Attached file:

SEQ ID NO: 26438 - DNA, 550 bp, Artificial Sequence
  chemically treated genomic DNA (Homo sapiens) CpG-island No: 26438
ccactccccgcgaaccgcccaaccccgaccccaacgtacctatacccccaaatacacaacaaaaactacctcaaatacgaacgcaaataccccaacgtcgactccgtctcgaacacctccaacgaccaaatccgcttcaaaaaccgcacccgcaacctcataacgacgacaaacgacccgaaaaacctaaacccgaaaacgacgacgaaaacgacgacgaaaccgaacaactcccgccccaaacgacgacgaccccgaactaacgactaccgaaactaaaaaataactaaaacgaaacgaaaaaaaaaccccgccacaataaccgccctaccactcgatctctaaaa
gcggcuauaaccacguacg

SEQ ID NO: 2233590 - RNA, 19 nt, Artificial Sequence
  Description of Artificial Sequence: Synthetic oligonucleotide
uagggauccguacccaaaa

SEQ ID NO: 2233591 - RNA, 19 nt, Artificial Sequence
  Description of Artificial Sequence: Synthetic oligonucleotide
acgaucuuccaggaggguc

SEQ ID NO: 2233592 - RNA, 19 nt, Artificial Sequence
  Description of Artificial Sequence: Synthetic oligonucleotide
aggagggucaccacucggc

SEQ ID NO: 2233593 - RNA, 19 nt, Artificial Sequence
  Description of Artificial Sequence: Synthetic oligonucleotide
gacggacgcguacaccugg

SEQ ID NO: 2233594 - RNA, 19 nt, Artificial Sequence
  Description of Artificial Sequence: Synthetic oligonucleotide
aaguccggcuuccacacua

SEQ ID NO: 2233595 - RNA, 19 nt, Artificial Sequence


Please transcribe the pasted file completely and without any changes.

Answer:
SEQ ID NO: 26438 - DNA, 550 bp, Artificial Sequence
  chemically treated genomic DNA (Homo sapiens) CpG-island No: 26438
ccactccccgcgaaccgcccaaccccgaccccaacgtacctatacccccaaatacacaacaaaaactacctcaaatacgaacgcaaataccccaacgtcgactccgtctcgaacacctccaacgaccaaatccgcttcaaaaaccgcacccgcaacctcataacgacgacaaacgacccgaaaaacctaaacccgaaaacgacgacgaaaacgacgacgaaaccgaacaactcccgccccaaacgacgacgaccccgaactaacgactaccgaaactaaaaaataactaaaacgaaacgaaaaaaaaaccccgccacaataaccgccctaccactcgatctctaaaa
gcggcuauaaccacguacg

SEQ ID NO: 2233590 - RNA, 19 nt, Artificial Sequence
  Description of Artificial Sequence: Synthetic oligonucleotide
uagggauccguacccaaaa

SEQ ID NO: 2233591 - RNA, 19 nt, Artificial Sequence
  Description of Artificial Sequence: Synthetic oligonucleotide
acgaucuuccaggaggguc

SEQ ID NO: 2233592 - RNA, 19 nt, Artificial Sequence
  Description of Artificial Sequence: Synthetic oligonucleotide
aggagggucaccacucggc

SEQ ID NO: 2233593 - RNA, 19 nt, Artificial Sequence
  Description of Artificial Sequence: Synthetic oligonucleotide
gacggacgcguacaccugg

SEQ ID NO: 2233594 - RNA, 19 nt, Artificial Sequence
  Description of Artificial Sequence: Synthetic oligonucleotide
aaguccggcuuccacacua

SEQ ID NO: 2233595 - RNA, 19 nt, Artificial Sequence